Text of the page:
HomeAboutResearchEducationPublicationsStaffIn-HouseMBL





Home > News
View of Pilgrim Monument in Provincetown from the research site at the National Seashore. (Zoe Cardon)
Suzanne Thomas and Claire Lunch examine "living crusts," sand glued together by microscopic, photosynthetic organisms. (Zoe Cardon)

Why are the Cape Cod sand dunes crusty?


Over the course of the last century, the inland parabolic, or U-shaped, sand dunes at Cape Cod National Seashore have marched from the northwest to the southeast, pushed by winter winds. Aerial photographs show that the dune fronts have moved 130 to 230 meters since 1938, some fronts even intersecting with Route 6.

Distinct plant communities have developed as the dunes envelop trees and create moist troughs. The surface of the dunes is, in some places, surprisingly dark-colored and tough, and the darkened crust turns green with spring rains -- sand in the crust is glued together by microscopic, photosynthetic organisms. Steve Smith, of the National Park Service, has identified major members of the microbial community in the crusts as green algae.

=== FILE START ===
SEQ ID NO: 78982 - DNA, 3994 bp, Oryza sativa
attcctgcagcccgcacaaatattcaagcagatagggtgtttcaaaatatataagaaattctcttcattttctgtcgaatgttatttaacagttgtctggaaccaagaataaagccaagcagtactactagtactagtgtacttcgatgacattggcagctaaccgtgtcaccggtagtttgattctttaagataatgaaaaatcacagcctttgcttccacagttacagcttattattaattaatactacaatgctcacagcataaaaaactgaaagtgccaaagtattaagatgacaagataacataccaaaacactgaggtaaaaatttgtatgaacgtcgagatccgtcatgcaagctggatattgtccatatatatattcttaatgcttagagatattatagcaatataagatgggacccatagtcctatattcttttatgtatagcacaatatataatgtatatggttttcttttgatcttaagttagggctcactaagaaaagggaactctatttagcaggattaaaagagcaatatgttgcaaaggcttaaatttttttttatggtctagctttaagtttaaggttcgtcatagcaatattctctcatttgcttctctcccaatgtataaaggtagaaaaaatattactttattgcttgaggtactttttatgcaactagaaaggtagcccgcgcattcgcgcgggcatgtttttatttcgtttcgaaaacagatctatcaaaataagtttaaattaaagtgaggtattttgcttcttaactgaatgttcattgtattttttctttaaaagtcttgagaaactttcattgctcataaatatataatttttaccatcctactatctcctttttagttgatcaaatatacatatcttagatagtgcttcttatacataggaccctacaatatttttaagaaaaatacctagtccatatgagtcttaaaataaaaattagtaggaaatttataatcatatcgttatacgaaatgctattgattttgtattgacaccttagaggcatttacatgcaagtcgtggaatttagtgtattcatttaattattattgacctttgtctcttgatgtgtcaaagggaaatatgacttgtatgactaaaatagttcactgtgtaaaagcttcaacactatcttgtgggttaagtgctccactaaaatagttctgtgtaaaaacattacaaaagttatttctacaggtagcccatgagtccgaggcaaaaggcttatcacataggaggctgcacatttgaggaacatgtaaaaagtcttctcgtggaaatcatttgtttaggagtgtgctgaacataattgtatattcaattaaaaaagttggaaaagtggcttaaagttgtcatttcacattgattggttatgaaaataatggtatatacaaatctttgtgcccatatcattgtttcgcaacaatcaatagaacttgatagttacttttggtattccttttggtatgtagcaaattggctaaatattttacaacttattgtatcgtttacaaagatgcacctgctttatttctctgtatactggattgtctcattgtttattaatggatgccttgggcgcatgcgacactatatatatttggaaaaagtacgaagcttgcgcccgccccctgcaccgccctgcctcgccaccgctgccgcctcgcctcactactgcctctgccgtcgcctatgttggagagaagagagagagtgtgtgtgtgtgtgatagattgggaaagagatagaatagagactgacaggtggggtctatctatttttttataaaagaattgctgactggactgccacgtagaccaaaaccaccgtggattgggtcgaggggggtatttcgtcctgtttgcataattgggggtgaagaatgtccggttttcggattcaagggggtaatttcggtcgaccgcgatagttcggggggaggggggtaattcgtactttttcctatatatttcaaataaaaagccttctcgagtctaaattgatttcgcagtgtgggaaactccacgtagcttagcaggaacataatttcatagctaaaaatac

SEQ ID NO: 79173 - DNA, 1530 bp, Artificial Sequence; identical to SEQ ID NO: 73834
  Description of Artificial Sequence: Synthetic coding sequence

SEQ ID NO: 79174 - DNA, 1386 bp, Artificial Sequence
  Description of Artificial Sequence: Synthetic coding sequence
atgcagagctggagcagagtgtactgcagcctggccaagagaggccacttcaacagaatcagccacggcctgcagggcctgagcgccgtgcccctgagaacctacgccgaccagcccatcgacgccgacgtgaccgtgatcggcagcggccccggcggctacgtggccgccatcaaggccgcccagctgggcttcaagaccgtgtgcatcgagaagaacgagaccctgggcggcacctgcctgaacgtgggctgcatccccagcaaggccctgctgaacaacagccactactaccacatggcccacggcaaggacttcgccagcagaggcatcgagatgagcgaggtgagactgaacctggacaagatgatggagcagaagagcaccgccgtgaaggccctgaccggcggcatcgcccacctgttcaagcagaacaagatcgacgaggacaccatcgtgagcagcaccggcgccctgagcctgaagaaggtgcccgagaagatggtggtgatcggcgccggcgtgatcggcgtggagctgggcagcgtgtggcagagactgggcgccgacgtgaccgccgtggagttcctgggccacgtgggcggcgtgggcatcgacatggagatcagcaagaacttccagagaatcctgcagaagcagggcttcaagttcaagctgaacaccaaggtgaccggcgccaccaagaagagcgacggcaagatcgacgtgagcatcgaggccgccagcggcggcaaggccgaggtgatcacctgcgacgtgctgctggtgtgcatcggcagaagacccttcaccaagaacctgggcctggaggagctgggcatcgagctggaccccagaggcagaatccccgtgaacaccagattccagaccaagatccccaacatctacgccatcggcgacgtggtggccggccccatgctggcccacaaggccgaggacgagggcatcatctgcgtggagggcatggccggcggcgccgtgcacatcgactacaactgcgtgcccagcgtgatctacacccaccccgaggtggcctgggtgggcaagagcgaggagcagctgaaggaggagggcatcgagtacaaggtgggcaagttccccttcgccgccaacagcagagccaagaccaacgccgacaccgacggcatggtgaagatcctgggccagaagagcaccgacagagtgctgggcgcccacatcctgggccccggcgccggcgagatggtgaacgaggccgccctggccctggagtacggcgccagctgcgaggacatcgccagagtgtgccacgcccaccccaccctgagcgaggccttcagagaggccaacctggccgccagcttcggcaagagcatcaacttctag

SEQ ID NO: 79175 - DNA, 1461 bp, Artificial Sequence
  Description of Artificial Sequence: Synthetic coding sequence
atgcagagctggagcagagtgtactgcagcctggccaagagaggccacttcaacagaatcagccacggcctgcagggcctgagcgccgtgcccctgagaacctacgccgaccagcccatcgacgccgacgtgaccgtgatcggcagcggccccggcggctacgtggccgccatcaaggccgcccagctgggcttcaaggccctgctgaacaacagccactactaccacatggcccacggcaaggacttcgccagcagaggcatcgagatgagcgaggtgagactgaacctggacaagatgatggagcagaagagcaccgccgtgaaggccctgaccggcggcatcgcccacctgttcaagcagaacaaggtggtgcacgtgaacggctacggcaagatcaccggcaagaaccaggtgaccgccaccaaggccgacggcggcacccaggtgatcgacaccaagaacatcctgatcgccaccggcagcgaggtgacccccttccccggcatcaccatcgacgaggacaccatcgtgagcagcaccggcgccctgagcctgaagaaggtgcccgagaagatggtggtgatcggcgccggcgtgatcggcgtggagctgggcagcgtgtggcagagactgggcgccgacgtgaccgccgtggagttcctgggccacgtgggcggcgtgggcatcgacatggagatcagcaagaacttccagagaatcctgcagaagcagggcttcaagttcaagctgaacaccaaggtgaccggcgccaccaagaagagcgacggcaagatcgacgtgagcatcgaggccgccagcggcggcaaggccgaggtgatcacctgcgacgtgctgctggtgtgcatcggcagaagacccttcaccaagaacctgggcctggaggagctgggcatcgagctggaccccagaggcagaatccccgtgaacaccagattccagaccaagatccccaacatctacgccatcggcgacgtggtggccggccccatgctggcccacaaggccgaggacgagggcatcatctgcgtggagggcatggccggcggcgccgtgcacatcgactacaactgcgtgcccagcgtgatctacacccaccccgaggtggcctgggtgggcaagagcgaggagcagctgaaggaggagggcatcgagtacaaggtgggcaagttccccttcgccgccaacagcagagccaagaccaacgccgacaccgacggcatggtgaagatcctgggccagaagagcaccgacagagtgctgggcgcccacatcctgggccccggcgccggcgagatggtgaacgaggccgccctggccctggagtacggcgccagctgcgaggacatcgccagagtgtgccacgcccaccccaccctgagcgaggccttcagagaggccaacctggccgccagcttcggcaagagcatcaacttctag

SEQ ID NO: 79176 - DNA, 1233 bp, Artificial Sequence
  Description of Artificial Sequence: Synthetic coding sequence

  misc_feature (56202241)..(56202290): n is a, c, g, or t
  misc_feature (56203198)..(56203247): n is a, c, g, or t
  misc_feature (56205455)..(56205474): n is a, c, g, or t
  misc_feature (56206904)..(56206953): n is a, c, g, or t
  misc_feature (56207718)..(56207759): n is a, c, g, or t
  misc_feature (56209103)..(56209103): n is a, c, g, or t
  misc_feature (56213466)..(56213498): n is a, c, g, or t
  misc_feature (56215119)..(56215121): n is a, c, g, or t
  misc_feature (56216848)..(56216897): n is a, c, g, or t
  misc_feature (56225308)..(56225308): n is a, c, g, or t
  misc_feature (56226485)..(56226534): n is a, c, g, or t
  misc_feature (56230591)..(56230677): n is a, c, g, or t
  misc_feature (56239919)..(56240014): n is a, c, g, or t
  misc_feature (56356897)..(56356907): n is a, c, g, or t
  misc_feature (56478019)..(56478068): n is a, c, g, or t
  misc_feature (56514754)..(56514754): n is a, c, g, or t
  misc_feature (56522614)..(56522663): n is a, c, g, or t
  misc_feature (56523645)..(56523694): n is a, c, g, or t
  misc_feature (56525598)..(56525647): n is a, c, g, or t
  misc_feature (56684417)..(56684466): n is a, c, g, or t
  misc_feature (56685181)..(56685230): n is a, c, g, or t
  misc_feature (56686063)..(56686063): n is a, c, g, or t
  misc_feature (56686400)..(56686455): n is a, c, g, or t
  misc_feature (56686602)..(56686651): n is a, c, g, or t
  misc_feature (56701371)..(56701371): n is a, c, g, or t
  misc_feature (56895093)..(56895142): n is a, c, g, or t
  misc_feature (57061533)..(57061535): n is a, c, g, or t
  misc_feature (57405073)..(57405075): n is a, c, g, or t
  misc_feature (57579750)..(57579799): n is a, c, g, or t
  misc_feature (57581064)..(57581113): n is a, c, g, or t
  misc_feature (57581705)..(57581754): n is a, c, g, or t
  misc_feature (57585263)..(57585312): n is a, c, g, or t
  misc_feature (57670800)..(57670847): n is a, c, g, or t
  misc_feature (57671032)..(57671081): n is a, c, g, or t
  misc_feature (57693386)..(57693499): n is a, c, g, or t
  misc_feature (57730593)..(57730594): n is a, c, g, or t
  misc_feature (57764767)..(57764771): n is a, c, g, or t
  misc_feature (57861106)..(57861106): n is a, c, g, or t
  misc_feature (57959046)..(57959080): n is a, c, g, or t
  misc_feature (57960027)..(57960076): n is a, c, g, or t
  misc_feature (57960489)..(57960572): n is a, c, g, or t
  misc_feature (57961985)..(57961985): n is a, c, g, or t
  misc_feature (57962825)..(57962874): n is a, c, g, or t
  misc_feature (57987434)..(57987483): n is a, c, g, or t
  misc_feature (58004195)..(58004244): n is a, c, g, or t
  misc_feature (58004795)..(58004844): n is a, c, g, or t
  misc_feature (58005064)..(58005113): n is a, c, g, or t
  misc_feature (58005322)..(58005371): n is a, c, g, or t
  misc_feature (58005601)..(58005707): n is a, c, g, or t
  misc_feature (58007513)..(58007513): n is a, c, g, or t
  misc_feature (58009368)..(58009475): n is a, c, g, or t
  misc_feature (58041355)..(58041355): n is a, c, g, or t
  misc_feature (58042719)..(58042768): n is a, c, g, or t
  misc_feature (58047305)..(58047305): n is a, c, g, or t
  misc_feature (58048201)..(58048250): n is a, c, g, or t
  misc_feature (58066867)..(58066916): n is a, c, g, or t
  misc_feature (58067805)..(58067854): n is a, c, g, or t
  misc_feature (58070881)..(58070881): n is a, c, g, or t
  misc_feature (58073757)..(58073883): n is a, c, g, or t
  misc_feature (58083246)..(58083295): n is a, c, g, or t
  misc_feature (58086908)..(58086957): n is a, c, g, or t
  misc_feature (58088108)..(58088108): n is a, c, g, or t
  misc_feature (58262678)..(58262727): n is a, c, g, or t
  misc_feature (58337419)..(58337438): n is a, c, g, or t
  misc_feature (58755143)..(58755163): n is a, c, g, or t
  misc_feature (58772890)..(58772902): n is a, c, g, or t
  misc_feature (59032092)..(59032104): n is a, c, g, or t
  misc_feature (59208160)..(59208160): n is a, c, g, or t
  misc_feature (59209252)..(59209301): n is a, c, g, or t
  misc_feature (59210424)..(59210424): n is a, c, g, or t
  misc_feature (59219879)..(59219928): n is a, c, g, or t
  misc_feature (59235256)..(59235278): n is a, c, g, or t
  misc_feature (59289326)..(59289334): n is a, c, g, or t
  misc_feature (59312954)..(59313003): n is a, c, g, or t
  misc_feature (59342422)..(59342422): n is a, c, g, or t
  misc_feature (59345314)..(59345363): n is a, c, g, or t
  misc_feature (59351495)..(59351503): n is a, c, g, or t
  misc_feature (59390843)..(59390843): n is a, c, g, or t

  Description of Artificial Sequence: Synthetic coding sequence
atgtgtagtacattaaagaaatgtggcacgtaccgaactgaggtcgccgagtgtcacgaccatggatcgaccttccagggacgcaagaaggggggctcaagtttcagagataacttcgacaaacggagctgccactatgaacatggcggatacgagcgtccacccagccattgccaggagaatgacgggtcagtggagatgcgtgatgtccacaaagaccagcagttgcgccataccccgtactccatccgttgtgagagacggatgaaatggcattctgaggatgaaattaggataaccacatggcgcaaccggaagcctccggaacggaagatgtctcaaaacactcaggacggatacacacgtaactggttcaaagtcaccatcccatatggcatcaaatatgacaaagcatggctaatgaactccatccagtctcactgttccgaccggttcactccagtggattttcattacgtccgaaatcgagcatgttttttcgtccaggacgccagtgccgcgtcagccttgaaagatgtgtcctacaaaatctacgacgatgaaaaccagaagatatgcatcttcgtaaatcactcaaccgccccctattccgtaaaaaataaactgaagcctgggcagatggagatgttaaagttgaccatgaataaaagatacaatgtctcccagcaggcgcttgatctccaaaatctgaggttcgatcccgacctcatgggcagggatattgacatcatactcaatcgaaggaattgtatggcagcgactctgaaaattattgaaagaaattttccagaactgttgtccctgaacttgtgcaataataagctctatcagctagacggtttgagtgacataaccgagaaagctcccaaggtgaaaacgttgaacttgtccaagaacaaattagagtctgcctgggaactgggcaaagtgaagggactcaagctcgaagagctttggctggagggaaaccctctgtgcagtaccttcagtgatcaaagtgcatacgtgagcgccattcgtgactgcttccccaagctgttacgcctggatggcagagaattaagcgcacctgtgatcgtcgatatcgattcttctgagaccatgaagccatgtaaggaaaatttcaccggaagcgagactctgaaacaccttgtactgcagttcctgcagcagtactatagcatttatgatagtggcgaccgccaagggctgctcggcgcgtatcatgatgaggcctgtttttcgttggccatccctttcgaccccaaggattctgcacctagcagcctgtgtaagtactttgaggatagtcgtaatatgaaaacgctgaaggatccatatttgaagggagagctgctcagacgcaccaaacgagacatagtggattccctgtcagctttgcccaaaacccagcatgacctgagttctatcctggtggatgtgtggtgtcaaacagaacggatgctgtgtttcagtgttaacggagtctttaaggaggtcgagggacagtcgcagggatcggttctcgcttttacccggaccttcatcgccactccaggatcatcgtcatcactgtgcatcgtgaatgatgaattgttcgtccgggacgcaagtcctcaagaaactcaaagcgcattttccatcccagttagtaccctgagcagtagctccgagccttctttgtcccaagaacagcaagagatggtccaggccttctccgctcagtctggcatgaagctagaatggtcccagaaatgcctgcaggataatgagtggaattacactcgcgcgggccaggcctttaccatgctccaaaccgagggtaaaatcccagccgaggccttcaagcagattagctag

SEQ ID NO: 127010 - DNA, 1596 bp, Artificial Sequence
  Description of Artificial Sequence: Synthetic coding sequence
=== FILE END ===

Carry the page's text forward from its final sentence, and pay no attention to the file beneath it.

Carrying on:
Close-up of sand crust (Zoe Cardon)

Claire Lunch, postdoc in the Ecosystems Center, is particularly intrigued by the similarity between green algae in these crusts and green algae from the desert microbiotic crusts of the Southwestern U.S. As part of a NASA-funded project headed by Zoe Cardon, Claire is examining the physiology of green algae isolated from desert crusts, and the Cape Cod dunes provide an excellent local field site for exploring how crusts respond to water and temperature, how they influence dune erosion and thus perhaps movement, and how they may affect seed germination and thus plant community structure on the landscape.